All of these thoughts and more can run through our minds and torment us after we’ve suffered an injustice by someone.
We are beset by anger, resentment, anxiety, despair, and thoughts of revenge. It can feel almost impossible to move beyond our pain and to even contemplate the possibility of forgiving our offender.
Yet, the alternative to forgiveness is not viable.
Continuing to stew about the hurt we’ve suffered can deplete us physically and emotionally, harm our current and future relationships, and interfere with our work.
The Greek root of the word forgiveness means “to set free,” as in freeing a slave. Imagine freeing yourself from the bonds of your vengeful thoughts, seething rage, debilitating depression, smoldering resentment, and frenzied anxiety. Forgiveness can enable you to do so. You hold the key to walking out of your own prison cell. But doing so is not easy, nor does it happen overnight.
So, let’s get clear on what forgiveness is and is not.
- A vital component of forgiveness is acknowledging that something unjust happened and should not happen again. Otherwise, there’s nothing to forgive. The horrible thing did occur.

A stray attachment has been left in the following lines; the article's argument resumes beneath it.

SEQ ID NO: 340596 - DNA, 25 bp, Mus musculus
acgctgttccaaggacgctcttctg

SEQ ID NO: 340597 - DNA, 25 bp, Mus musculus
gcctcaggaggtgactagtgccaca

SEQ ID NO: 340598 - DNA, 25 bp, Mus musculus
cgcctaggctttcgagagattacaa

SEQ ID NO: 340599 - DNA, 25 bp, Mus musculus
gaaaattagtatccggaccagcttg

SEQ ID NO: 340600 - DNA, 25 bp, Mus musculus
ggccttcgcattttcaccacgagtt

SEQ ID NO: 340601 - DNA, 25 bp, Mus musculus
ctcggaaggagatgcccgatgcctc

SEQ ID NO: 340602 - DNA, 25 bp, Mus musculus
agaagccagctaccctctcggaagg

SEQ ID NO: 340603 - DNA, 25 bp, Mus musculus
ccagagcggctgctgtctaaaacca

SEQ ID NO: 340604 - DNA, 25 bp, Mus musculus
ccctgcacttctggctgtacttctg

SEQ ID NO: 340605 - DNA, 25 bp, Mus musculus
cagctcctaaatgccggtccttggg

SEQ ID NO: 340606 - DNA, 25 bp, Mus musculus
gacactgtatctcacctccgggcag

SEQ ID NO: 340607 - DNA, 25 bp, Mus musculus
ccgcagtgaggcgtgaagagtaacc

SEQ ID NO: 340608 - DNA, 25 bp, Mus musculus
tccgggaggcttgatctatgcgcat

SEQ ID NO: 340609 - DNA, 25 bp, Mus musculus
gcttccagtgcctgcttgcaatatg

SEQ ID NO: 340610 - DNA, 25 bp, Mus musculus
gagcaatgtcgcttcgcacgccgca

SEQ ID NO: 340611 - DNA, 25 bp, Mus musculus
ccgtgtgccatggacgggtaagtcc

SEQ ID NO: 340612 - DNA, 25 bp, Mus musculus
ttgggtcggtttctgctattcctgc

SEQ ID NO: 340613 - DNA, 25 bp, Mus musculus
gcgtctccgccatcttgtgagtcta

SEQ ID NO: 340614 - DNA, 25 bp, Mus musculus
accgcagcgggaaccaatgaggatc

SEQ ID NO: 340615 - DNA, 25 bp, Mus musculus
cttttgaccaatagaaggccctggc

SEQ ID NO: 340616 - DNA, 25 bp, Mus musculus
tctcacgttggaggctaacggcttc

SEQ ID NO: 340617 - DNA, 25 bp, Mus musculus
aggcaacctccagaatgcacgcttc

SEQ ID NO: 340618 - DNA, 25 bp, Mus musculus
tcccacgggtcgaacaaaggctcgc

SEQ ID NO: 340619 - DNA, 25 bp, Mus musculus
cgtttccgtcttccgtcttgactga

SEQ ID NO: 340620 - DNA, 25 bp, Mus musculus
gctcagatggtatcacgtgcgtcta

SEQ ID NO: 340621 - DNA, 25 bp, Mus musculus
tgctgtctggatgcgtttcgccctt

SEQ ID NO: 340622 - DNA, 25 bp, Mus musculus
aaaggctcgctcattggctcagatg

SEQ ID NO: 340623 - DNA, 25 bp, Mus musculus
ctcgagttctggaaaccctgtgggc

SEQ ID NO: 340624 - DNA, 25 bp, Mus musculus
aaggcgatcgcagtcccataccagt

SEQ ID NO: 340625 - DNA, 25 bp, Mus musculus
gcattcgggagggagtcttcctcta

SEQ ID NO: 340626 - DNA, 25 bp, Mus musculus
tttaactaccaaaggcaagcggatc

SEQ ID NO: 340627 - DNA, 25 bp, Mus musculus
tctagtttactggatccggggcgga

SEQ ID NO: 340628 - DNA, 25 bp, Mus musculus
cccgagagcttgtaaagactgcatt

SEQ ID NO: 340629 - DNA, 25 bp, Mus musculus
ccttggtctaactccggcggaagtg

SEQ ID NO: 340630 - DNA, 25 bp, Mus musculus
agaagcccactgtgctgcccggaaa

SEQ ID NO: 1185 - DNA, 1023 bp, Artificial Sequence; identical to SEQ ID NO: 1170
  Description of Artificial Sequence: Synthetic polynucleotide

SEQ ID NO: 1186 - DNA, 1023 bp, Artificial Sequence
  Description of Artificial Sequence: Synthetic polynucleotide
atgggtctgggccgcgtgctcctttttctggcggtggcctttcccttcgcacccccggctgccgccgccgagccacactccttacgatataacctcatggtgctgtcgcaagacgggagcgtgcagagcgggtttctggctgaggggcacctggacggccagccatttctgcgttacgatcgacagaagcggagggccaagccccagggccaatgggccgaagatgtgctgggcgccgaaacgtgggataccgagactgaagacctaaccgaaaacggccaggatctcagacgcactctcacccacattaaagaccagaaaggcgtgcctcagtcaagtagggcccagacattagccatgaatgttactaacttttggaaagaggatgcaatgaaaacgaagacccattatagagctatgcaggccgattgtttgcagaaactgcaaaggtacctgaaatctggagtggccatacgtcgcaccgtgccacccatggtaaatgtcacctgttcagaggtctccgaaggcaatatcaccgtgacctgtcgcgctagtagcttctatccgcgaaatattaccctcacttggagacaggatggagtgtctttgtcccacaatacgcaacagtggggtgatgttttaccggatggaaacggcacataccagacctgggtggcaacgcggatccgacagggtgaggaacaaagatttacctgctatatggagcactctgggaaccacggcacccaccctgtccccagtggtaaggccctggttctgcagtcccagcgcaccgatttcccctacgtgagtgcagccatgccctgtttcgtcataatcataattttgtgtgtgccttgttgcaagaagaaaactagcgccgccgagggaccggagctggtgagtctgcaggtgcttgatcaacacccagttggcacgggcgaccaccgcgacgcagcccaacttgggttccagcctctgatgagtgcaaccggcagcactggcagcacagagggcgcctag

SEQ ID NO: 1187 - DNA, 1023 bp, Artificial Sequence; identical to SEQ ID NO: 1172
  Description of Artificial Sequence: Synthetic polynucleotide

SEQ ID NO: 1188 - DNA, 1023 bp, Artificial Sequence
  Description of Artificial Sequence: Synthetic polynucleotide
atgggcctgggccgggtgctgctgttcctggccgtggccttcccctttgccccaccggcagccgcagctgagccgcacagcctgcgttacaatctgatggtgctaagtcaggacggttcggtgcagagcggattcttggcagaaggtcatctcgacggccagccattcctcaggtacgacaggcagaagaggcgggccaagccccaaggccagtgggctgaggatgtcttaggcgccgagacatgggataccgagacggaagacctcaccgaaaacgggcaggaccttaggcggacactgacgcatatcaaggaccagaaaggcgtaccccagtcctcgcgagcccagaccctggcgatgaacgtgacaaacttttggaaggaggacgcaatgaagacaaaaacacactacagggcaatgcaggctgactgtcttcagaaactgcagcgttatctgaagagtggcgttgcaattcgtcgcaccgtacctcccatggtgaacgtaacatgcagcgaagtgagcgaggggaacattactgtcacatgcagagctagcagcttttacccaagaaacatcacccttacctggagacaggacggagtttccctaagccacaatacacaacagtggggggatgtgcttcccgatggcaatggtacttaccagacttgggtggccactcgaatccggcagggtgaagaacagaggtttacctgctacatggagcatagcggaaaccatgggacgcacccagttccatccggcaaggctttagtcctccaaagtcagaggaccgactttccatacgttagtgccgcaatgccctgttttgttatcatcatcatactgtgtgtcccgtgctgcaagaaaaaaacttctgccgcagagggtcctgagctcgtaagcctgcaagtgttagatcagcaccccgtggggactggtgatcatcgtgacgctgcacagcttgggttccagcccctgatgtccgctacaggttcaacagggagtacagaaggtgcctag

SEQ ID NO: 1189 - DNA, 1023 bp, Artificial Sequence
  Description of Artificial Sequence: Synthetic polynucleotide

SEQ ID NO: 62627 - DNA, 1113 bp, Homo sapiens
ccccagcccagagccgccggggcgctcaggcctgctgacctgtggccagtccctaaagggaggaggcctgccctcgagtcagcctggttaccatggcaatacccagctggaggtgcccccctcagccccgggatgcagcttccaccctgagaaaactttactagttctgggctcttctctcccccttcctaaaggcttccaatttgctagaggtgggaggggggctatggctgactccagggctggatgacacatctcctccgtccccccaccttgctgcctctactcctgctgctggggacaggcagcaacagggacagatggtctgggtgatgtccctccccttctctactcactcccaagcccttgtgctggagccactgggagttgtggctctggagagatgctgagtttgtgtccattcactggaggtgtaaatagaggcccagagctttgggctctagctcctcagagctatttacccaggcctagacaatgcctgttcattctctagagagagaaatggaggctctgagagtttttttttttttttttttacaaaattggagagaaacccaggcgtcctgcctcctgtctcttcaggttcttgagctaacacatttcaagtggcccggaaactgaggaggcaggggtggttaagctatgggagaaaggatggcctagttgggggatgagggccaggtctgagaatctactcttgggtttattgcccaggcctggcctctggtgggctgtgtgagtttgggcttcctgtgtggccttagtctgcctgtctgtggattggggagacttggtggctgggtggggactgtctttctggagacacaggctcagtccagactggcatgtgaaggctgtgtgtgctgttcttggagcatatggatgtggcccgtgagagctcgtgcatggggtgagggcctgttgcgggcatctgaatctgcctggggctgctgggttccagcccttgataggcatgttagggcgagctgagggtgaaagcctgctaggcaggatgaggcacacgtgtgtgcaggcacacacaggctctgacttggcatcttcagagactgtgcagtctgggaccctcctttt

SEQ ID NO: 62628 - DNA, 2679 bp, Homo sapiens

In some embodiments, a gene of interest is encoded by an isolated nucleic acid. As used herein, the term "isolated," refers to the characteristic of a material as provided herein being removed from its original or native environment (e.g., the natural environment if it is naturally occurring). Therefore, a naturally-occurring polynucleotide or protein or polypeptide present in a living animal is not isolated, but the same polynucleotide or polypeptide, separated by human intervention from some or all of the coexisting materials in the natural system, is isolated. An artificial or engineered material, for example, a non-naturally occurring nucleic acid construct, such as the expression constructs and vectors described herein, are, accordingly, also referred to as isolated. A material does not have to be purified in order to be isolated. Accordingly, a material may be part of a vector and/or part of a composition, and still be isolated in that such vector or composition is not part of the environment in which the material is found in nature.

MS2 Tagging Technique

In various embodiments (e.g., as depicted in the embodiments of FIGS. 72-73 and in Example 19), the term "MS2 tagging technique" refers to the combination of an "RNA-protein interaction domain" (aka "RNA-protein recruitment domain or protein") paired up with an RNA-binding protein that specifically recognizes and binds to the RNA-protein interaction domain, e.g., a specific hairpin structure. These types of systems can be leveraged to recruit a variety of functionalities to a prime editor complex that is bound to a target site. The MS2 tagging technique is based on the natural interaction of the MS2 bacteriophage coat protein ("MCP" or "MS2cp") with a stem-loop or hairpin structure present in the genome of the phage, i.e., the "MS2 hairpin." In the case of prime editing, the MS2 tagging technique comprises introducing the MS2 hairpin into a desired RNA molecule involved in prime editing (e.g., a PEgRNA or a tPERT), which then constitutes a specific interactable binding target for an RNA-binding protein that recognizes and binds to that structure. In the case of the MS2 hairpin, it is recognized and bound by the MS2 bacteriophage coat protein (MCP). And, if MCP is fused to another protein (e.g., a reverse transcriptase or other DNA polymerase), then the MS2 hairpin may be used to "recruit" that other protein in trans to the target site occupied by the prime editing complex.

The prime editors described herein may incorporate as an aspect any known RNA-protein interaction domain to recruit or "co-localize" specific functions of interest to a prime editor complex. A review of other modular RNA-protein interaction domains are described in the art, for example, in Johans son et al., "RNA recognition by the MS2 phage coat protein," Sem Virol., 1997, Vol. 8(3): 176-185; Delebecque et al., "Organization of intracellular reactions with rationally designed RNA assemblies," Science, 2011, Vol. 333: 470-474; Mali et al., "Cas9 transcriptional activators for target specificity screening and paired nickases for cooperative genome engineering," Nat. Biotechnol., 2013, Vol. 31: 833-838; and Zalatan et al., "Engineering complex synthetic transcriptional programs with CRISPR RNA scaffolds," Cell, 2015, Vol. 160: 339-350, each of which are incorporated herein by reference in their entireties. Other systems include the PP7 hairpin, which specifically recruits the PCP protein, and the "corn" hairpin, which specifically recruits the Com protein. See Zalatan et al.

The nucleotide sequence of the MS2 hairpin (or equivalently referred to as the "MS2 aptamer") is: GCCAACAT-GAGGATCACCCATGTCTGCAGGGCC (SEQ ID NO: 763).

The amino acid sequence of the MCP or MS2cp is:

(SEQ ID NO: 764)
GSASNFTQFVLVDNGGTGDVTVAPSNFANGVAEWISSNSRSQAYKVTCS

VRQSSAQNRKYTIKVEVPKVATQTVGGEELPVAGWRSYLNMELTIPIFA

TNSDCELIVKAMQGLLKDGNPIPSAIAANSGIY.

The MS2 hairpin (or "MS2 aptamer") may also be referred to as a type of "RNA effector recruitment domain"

- Usually we need to acknowledge our feelings such as anger and hurt – without judging ourselves for our emotions – before we’re ready to consider forgiveness.
- Making a decision to forgive can be helped by weighing the pros and cons of our current coping strategies. Have our methods been effective? If so, how? If not, how have they stood in our way? We may recognize that brooding about the event, feeling vengeful, broiling over in anger, abusing alcohol or other substances, or binge eating have interfered with our health, relationships, work performance, or destroyed our peace of mind, all of which just add to the pain from the offensive act. Upsetting though it may be to recognize how we’ve been compounding the problem, this may motivate us to pursue a new perspective, one that involves forgiveness and relieves us of the burdens of resentment and anger.